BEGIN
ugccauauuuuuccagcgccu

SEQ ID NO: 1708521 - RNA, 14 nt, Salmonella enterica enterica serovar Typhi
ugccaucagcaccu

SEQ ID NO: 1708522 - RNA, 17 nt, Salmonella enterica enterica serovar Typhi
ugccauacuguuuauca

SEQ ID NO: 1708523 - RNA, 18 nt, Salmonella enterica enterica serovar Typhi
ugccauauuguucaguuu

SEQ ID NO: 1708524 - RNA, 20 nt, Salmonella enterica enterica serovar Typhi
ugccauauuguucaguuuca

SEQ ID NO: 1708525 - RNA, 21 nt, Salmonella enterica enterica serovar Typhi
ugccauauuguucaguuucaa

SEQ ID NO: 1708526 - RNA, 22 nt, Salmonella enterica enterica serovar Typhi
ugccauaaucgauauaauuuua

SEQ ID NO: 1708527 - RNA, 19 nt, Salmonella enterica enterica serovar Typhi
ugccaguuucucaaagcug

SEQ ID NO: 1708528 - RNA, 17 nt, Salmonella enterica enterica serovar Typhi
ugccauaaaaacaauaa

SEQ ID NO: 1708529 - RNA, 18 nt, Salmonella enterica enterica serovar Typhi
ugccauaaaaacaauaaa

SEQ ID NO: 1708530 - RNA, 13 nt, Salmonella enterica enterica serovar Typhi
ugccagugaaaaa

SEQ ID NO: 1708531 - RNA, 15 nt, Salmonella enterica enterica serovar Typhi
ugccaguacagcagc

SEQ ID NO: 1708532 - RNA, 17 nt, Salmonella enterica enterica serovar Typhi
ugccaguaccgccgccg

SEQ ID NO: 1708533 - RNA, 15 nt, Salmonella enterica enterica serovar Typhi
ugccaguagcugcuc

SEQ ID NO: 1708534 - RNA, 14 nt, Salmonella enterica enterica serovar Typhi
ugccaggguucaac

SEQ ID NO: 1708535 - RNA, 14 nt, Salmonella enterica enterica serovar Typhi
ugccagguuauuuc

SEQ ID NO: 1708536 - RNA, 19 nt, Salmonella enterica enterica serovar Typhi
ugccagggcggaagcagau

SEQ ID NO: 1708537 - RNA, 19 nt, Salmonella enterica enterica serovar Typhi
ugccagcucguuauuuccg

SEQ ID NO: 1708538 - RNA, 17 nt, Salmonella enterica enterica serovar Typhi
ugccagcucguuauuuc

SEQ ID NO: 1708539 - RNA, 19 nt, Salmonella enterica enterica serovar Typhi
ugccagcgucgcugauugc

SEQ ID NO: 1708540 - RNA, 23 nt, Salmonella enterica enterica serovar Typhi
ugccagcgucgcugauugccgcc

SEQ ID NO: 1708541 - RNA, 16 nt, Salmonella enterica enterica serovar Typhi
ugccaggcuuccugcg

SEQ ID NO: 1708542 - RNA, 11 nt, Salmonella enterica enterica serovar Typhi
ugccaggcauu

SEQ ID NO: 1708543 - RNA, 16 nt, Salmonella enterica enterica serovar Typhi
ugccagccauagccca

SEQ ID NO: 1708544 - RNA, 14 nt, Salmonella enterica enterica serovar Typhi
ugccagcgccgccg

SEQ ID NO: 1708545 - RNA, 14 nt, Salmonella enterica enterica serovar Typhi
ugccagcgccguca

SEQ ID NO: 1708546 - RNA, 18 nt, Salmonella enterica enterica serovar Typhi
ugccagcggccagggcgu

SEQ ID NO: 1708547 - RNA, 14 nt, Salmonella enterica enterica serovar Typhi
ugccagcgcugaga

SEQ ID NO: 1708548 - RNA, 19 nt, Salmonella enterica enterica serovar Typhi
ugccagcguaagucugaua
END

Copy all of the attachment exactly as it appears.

ugccauauuuuuccagcgccu

SEQ ID NO: 1708521 - RNA, 14 nt, Salmonella enterica enterica serovar Typhi
ugccaucagcaccu

SEQ ID NO: 1708522 - RNA, 17 nt, Salmonella enterica enterica serovar Typhi
ugccauacuguuuauca

SEQ ID NO: 1708523 - RNA, 18 nt, Salmonella enterica enterica serovar Typhi
ugccauauuguucaguuu

SEQ ID NO: 1708524 - RNA, 20 nt, Salmonella enterica enterica serovar Typhi
ugccauauuguucaguuuca

SEQ ID NO: 1708525 - RNA, 21 nt, Salmonella enterica enterica serovar Typhi
ugccauauuguucaguuucaa

SEQ ID NO: 1708526 - RNA, 22 nt, Salmonella enterica enterica serovar Typhi
ugccauaaucgauauaauuuua

SEQ ID NO: 1708527 - RNA, 19 nt, Salmonella enterica enterica serovar Typhi
ugccaguuucucaaagcug

SEQ ID NO: 1708528 - RNA, 17 nt, Salmonella enterica enterica serovar Typhi
ugccauaaaaacaauaa

SEQ ID NO: 1708529 - RNA, 18 nt, Salmonella enterica enterica serovar Typhi
ugccauaaaaacaauaaa

SEQ ID NO: 1708530 - RNA, 13 nt, Salmonella enterica enterica serovar Typhi
ugccagugaaaaa

SEQ ID NO: 1708531 - RNA, 15 nt, Salmonella enterica enterica serovar Typhi
ugccaguacagcagc

SEQ ID NO: 1708532 - RNA, 17 nt, Salmonella enterica enterica serovar Typhi
ugccaguaccgccgccg

SEQ ID NO: 1708533 - RNA, 15 nt, Salmonella enterica enterica serovar Typhi
ugccaguagcugcuc

SEQ ID NO: 1708534 - RNA, 14 nt, Salmonella enterica enterica serovar Typhi
ugccaggguucaac

SEQ ID NO: 1708535 - RNA, 14 nt, Salmonella enterica enterica serovar Typhi
ugccagguuauuuc

SEQ ID NO: 1708536 - RNA, 19 nt, Salmonella enterica enterica serovar Typhi
ugccagggcggaagcagau

SEQ ID NO: 1708537 - RNA, 19 nt, Salmonella enterica enterica serovar Typhi
ugccagcucguuauuuccg

SEQ ID NO: 1708538 - RNA, 17 nt, Salmonella enterica enterica serovar Typhi
ugccagcucguuauuuc

SEQ ID NO: 1708539 - RNA, 19 nt, Salmonella enterica enterica serovar Typhi
ugccagcgucgcugauugc

SEQ ID NO: 1708540 - RNA, 23 nt, Salmonella enterica enterica serovar Typhi
ugccagcgucgcugauugccgcc

SEQ ID NO: 1708541 - RNA, 16 nt, Salmonella enterica enterica serovar Typhi
ugccaggcuuccugcg

SEQ ID NO: 1708542 - RNA, 11 nt, Salmonella enterica enterica serovar Typhi
ugccaggcauu

SEQ ID NO: 1708543 - RNA, 16 nt, Salmonella enterica enterica serovar Typhi
ugccagccauagccca

SEQ ID NO: 1708544 - RNA, 14 nt, Salmonella enterica enterica serovar Typhi
ugccagcgccgccg

SEQ ID NO: 1708545 - RNA, 14 nt, Salmonella enterica enterica serovar Typhi
ugccagcgccguca

SEQ ID NO: 1708546 - RNA, 18 nt, Salmonella enterica enterica serovar Typhi
ugccagcggccagggcgu

SEQ ID NO: 1708547 - RNA, 14 nt, Salmonella enterica enterica serovar Typhi
ugccagcgcugaga

SEQ ID NO: 1708548 - RNA, 19 nt, Salmonella enterica enterica serovar Typhi
ugccagcguaagucugaua